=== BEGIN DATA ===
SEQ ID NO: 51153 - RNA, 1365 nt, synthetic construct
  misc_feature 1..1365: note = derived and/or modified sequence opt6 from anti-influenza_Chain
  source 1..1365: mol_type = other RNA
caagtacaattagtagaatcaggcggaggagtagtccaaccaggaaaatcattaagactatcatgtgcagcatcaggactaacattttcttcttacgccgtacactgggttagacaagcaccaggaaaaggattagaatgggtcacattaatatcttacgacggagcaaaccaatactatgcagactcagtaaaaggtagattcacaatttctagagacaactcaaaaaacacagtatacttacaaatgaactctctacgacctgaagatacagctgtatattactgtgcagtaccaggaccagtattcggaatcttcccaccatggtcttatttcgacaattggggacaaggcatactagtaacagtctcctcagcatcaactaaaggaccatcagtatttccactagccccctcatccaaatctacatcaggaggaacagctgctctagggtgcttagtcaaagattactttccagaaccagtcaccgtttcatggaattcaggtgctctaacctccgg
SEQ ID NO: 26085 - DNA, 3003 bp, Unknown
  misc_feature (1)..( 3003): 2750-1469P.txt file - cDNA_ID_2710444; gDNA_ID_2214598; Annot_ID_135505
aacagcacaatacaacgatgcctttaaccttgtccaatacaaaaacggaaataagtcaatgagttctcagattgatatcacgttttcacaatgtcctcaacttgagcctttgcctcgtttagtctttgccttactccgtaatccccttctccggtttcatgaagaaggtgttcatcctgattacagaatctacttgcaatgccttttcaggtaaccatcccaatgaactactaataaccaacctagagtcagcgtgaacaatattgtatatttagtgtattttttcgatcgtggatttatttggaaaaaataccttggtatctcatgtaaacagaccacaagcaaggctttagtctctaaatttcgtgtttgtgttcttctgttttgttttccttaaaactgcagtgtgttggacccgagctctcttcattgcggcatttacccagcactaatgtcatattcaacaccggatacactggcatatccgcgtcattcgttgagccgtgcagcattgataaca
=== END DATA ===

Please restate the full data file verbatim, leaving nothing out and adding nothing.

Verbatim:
SEQ ID NO: 51153 - RNA, 1365 nt, synthetic construct
  misc_feature 1..1365: note = derived and/or modified sequence opt6 from anti-influenza_Chain
  source 1..1365: mol_type = other RNA
caagtacaattagtagaatcaggcggaggagtagtccaaccaggaaaatcattaagactatcatgtgcagcatcaggactaacattttcttcttacgccgtacactgggttagacaagcaccaggaaaaggattagaatgggtcacattaatatcttacgacggagcaaaccaatactatgcagactcagtaaaaggtagattcacaatttctagagacaactcaaaaaacacagtatacttacaaatgaactctctacgacctgaagatacagctgtatattactgtgcagtaccaggaccagtattcggaatcttcccaccatggtcttatttcgacaattggggacaaggcatactagtaacagtctcctcagcatcaactaaaggaccatcagtatttccactagccccctcatccaaatctacatcaggaggaacagctgctctagggtgcttagtcaaagattactttccagaaccagtcaccgtttcatggaattcaggtgctctaacctccgg
SEQ ID NO: 26085 - DNA, 3003 bp, Unknown
  misc_feature (1)..( 3003): 2750-1469P.txt file - cDNA_ID_2710444; gDNA_ID_2214598; Annot_ID_135505
aacagcacaatacaacgatgcctttaaccttgtccaatacaaaaacggaaataagtcaatgagttctcagattgatatcacgttttcacaatgtcctcaacttgagcctttgcctcgtttagtctttgccttactccgtaatccccttctccggtttcatgaagaaggtgttcatcctgattacagaatctacttgcaatgccttttcaggtaaccatcccaatgaactactaataaccaacctagagtcagcgtgaacaatattgtatatttagtgtattttttcgatcgtggatttatttggaaaaaataccttggtatctcatgtaaacagaccacaagcaaggctttagtctctaaatttcgtgtttgtgttcttctgttttgttttccttaaaactgcagtgtgttggacccgagctctcttcattgcggcatttacccagcactaatgtcatattcaacaccggatacactggcatatccgcgtcattcgttgagccgtgcagcattgataaca